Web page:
Captains generally frown on corruption among their ranks, but some captains don't care as long as the keeper completes his duties. Others still are corrupt themselves and recruit within their gang for peacekeeping or within the keepers for their gang. Captains do have the right to punish their keepers if they step out of line or disobey an order. See the Punishment section for more information.

A Captain can work with a brown, bronze or gold wher that has passed their tests.

The commander is in control of a quadrant, the groups of squadrons. He or she has proven themselves to be a good leader. They are able to go out into the field from time to time, but normally the Commander is dealing with reports and paperwork in his small alcove of an office. These alcoves are carved into the tunnels of the Hold or tucked into a small building, depending on the location of the quadrant. The commander is also a member of the council, the leading body of the peacekeepers. The commander has a double knot badge on the left side of the chestplate. It is a double knot in the colors of Fort Hold, yellow and brown.

A Commander can work with a brown, bronze or gold wher that has passed their tests.

The Chief is elected from the Council. This is the mouthpiece of the peacekeepers. He is the one who will post announcements and read them to the Hold, if needed, as well as meet with the Lord Holder or other parties within the Hold that have questions for the Peacekeepers. The Chief's badge is also yellow and brown, Fort Hold colors, but worn as a triple knot on the left chestplate.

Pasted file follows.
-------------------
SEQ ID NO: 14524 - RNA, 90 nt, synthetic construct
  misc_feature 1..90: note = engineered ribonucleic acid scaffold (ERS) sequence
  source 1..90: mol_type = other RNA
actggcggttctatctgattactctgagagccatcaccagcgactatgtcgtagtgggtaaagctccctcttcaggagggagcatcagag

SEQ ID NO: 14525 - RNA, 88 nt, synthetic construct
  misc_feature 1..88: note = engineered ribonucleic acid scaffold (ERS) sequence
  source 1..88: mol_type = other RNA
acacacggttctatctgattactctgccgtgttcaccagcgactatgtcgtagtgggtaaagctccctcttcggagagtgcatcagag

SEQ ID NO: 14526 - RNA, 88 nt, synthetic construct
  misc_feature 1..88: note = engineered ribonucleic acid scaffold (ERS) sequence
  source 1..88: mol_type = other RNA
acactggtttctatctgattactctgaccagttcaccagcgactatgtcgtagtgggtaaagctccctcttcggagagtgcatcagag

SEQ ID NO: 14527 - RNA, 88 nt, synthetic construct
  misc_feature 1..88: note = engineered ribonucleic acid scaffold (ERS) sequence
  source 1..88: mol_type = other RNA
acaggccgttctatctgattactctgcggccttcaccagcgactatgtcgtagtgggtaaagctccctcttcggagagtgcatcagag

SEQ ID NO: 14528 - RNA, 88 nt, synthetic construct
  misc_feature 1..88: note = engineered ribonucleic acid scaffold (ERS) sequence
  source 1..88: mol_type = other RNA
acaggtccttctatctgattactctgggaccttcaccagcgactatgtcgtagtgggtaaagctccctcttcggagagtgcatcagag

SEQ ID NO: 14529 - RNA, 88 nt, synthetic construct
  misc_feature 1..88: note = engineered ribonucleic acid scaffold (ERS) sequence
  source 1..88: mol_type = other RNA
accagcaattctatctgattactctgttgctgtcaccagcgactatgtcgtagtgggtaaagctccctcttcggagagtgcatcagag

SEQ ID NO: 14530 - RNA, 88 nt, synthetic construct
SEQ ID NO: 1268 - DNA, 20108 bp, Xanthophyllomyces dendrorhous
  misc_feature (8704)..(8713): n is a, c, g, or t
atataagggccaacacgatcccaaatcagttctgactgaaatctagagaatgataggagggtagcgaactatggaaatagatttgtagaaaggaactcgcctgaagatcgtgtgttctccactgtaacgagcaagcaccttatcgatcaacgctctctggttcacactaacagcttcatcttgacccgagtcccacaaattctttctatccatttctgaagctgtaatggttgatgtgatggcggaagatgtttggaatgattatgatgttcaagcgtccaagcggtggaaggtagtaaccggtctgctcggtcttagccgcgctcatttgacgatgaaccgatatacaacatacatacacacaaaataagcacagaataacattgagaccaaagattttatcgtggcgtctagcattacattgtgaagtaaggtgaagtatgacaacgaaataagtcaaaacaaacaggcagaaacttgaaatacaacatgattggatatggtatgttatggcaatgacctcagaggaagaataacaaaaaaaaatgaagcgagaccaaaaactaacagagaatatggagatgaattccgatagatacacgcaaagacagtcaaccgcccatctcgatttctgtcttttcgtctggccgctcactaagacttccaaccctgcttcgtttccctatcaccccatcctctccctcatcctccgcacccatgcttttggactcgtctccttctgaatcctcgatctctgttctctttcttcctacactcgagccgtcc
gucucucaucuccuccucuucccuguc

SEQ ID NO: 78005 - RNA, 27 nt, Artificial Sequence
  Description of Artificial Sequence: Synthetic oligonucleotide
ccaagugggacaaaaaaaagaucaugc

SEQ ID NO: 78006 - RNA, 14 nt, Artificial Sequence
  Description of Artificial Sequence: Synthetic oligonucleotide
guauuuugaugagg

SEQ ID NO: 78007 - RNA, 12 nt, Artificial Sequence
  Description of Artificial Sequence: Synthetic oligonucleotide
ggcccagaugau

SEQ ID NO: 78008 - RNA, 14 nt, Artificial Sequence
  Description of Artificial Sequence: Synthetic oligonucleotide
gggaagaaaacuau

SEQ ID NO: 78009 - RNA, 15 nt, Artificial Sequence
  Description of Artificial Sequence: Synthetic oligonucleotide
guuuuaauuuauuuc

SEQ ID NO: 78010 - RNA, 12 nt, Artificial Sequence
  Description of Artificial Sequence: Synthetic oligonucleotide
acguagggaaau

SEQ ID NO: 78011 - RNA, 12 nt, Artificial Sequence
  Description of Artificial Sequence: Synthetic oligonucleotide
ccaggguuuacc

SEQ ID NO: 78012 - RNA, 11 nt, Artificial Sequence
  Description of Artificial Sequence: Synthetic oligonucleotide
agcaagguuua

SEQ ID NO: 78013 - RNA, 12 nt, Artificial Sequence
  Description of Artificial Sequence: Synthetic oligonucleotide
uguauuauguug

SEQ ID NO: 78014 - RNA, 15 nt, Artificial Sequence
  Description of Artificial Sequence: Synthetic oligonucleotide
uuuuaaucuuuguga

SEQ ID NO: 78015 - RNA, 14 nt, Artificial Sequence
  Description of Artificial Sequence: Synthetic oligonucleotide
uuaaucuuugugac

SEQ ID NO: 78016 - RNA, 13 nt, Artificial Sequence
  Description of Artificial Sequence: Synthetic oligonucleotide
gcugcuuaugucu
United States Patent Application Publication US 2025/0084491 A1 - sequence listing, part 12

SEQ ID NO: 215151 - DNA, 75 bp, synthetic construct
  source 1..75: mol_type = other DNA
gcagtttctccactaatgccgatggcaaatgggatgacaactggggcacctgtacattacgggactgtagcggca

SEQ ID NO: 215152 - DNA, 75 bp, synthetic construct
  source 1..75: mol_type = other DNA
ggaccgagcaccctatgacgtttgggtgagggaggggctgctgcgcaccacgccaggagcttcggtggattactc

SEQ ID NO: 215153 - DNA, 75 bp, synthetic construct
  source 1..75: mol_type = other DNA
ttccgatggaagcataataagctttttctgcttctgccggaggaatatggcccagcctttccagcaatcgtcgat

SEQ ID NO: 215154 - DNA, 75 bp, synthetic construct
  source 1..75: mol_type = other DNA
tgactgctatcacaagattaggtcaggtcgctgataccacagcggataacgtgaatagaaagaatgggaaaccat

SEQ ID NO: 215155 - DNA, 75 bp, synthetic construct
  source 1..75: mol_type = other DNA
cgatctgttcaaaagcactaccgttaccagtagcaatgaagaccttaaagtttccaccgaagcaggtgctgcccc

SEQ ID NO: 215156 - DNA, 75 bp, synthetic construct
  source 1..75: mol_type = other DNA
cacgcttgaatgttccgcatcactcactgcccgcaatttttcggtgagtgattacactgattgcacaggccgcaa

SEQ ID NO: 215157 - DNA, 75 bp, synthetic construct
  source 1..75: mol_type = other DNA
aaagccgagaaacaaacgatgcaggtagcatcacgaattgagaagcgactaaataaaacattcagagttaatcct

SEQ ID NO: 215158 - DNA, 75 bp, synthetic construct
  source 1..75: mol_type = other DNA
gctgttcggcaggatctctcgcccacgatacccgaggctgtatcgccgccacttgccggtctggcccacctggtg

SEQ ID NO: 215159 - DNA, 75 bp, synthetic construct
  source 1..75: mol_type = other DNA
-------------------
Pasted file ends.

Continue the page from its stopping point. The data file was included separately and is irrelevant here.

The Chief can work with a brown, bronze or gold wher that has passed their tests.

Every turn, the keepers go through a period of review. Their record starts out at zero. A positive review will add points to their record, while a negative will remove points. Neutral reviews maintain the current point value. Retraining does not take place until a keeper's record drops to -2. Points are assigned based on a variety of benchmarks: complaints against the keeper, positve interactions with holders and fellow keepers, accurate reports, behavior of the wher, etc.

To be considered for a captain, a keeper must have a +5 on their record. Once this is achieved, he or she sits before the council and will be interviewed. If he fails the interview, he must wait another year before being considered for captain. If he passes, then he is assigned a squad or placed on a list to receive one.

To be a commander, a keeper must have been a captain for at least three Turns and pass another interview.

Punishments are assigned by captains, commanders, and the chief based on the severity of the crime, the attitude of the keeper, and the consequences of the crime. This is not a comprehensive list, but rather a sample of some ideas that have used in the past.
- Construction: rebuilding parts of the hold that have fallen into disrepair, either because of neglect or damaged because of the offending keeper.
- Manual Labor: the keeper is assigned to work with a labor team for a certain amount of time. For this duration, they must listen to the team leader. Jobs involve fixing the hold's tunnels, digging trenches around the fields, working the fields, or working with animals.
-  Training Squad: the keeper is reassigned to a training squad to work with the newest keepers (and be treated like one).
- Training: the keeper is required to sit through a specific training class as required by the leader issuing the punishment.
- Ground Crews: (considered the most dangerous punishment) work with the hold's group crews to scan and remove Thread that fell to the ground. Keepers are actually useful in this because of their whers, but it is dangerous.

Credited to lacihparg for use on SWW; credited to Inki for use on SWW.
« Last Edit: September 05, 2018, 02:00:32 PM by Southern Records »